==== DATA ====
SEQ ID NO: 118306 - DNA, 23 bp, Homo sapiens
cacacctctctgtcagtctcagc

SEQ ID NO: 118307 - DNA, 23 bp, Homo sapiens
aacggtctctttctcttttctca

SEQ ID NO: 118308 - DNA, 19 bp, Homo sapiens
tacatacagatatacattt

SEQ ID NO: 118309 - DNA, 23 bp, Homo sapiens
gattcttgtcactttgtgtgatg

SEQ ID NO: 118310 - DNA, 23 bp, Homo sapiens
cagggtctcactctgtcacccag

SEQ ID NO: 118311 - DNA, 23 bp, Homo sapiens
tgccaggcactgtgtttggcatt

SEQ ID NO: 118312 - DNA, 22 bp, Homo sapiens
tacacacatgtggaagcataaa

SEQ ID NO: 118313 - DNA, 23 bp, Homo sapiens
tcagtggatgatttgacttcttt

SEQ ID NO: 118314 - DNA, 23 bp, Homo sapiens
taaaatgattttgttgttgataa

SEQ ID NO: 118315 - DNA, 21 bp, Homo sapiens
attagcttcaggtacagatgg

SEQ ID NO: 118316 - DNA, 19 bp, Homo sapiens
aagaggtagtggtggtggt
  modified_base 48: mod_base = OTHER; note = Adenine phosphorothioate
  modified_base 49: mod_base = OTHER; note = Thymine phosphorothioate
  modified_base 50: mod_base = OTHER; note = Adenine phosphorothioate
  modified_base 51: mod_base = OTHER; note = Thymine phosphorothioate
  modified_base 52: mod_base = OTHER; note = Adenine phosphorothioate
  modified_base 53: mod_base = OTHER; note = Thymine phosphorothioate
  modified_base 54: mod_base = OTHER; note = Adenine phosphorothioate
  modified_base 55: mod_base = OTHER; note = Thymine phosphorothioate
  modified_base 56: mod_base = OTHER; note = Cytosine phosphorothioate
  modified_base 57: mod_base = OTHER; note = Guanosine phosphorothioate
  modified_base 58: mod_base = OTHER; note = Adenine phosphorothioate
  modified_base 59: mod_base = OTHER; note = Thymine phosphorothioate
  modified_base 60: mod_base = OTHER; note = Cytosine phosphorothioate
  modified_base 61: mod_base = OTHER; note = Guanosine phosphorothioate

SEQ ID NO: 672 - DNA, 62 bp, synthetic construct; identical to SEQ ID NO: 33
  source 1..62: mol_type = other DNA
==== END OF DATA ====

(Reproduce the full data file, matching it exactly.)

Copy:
SEQ ID NO: 118306 - DNA, 23 bp, Homo sapiens
cacacctctctgtcagtctcagc

SEQ ID NO: 118307 - DNA, 23 bp, Homo sapiens
aacggtctctttctcttttctca

SEQ ID NO: 118308 - DNA, 19 bp, Homo sapiens
tacatacagatatacattt

SEQ ID NO: 118309 - DNA, 23 bp, Homo sapiens
gattcttgtcactttgtgtgatg

SEQ ID NO: 118310 - DNA, 23 bp, Homo sapiens
cagggtctcactctgtcacccag

SEQ ID NO: 118311 - DNA, 23 bp, Homo sapiens
tgccaggcactgtgtttggcatt

SEQ ID NO: 118312 - DNA, 22 bp, Homo sapiens
tacacacatgtggaagcataaa

SEQ ID NO: 118313 - DNA, 23 bp, Homo sapiens
tcagtggatgatttgacttcttt

SEQ ID NO: 118314 - DNA, 23 bp, Homo sapiens
taaaatgattttgttgttgataa

SEQ ID NO: 118315 - DNA, 21 bp, Homo sapiens
attagcttcaggtacagatgg

SEQ ID NO: 118316 - DNA, 19 bp, Homo sapiens
aagaggtagtggtggtggt
  modified_base 48: mod_base = OTHER; note = Adenine phosphorothioate
  modified_base 49: mod_base = OTHER; note = Thymine phosphorothioate
  modified_base 50: mod_base = OTHER; note = Adenine phosphorothioate
  modified_base 51: mod_base = OTHER; note = Thymine phosphorothioate
  modified_base 52: mod_base = OTHER; note = Adenine phosphorothioate
  modified_base 53: mod_base = OTHER; note = Thymine phosphorothioate
  modified_base 54: mod_base = OTHER; note = Adenine phosphorothioate
  modified_base 55: mod_base = OTHER; note = Thymine phosphorothioate
  modified_base 56: mod_base = OTHER; note = Cytosine phosphorothioate
  modified_base 57: mod_base = OTHER; note = Guanosine phosphorothioate
  modified_base 58: mod_base = OTHER; note = Adenine phosphorothioate
  modified_base 59: mod_base = OTHER; note = Thymine phosphorothioate
  modified_base 60: mod_base = OTHER; note = Cytosine phosphorothioate
  modified_base 61: mod_base = OTHER; note = Guanosine phosphorothioate

SEQ ID NO: 672 - DNA, 62 bp, synthetic construct; identical to SEQ ID NO: 33
  source 1..62: mol_type = other DNA